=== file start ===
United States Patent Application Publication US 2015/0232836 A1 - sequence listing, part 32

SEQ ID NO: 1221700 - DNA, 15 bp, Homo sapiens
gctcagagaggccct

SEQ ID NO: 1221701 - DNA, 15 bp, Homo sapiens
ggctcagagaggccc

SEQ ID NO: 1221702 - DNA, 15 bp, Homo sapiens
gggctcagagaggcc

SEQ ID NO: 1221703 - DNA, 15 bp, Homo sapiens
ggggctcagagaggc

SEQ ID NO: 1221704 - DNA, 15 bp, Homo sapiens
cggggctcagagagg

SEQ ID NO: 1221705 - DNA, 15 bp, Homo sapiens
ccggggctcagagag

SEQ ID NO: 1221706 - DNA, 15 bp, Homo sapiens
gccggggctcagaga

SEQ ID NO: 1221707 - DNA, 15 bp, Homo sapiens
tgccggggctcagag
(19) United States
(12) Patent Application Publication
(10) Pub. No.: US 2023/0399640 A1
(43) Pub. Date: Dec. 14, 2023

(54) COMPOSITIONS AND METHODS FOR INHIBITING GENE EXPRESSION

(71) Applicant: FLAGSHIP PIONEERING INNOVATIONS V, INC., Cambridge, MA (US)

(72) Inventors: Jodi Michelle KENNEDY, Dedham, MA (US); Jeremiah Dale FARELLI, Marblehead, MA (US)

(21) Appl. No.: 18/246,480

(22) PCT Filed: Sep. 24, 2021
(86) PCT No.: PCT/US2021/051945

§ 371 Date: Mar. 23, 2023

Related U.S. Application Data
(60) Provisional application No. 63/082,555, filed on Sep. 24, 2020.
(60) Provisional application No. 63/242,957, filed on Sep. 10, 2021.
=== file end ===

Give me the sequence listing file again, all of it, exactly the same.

United States Patent Application Publication US 2015/0232836 A1 - sequence listing, part 32

SEQ ID NO: 1221700 - DNA, 15 bp, Homo sapiens
gctcagagaggccct

SEQ ID NO: 1221701 - DNA, 15 bp, Homo sapiens
ggctcagagaggccc

SEQ ID NO: 1221702 - DNA, 15 bp, Homo sapiens
gggctcagagaggcc

SEQ ID NO: 1221703 - DNA, 15 bp, Homo sapiens
ggggctcagagaggc

SEQ ID NO: 1221704 - DNA, 15 bp, Homo sapiens
cggggctcagagagg

SEQ ID NO: 1221705 - DNA, 15 bp, Homo sapiens
ccggggctcagagag

SEQ ID NO: 1221706 - DNA, 15 bp, Homo sapiens
gccggggctcagaga

SEQ ID NO: 1221707 - DNA, 15 bp, Homo sapiens
tgccggggctcagag
(19) United States
(12) Patent Application Publication
(10) Pub. No.: US 2023/0399640 A1
(43) Pub. Date: Dec. 14, 2023

(54) COMPOSITIONS AND METHODS FOR INHIBITING GENE EXPRESSION

(71) Applicant: FLAGSHIP PIONEERING INNOVATIONS V, INC., Cambridge, MA (US)

(72) Inventors: Jodi Michelle KENNEDY, Dedham, MA (US); Jeremiah Dale FARELLI, Marblehead, MA (US)

(21) Appl. No.: 18/246,480

(22) PCT Filed: Sep. 24, 2021
(86) PCT No.: PCT/US2021/051945

§ 371 Date: Mar. 23, 2023

Related U.S. Application Data
(60) Provisional application No. 63/082,555, filed on Sep. 24, 2020.
(60) Provisional application No. 63/242,957, filed on Sep. 10, 2021.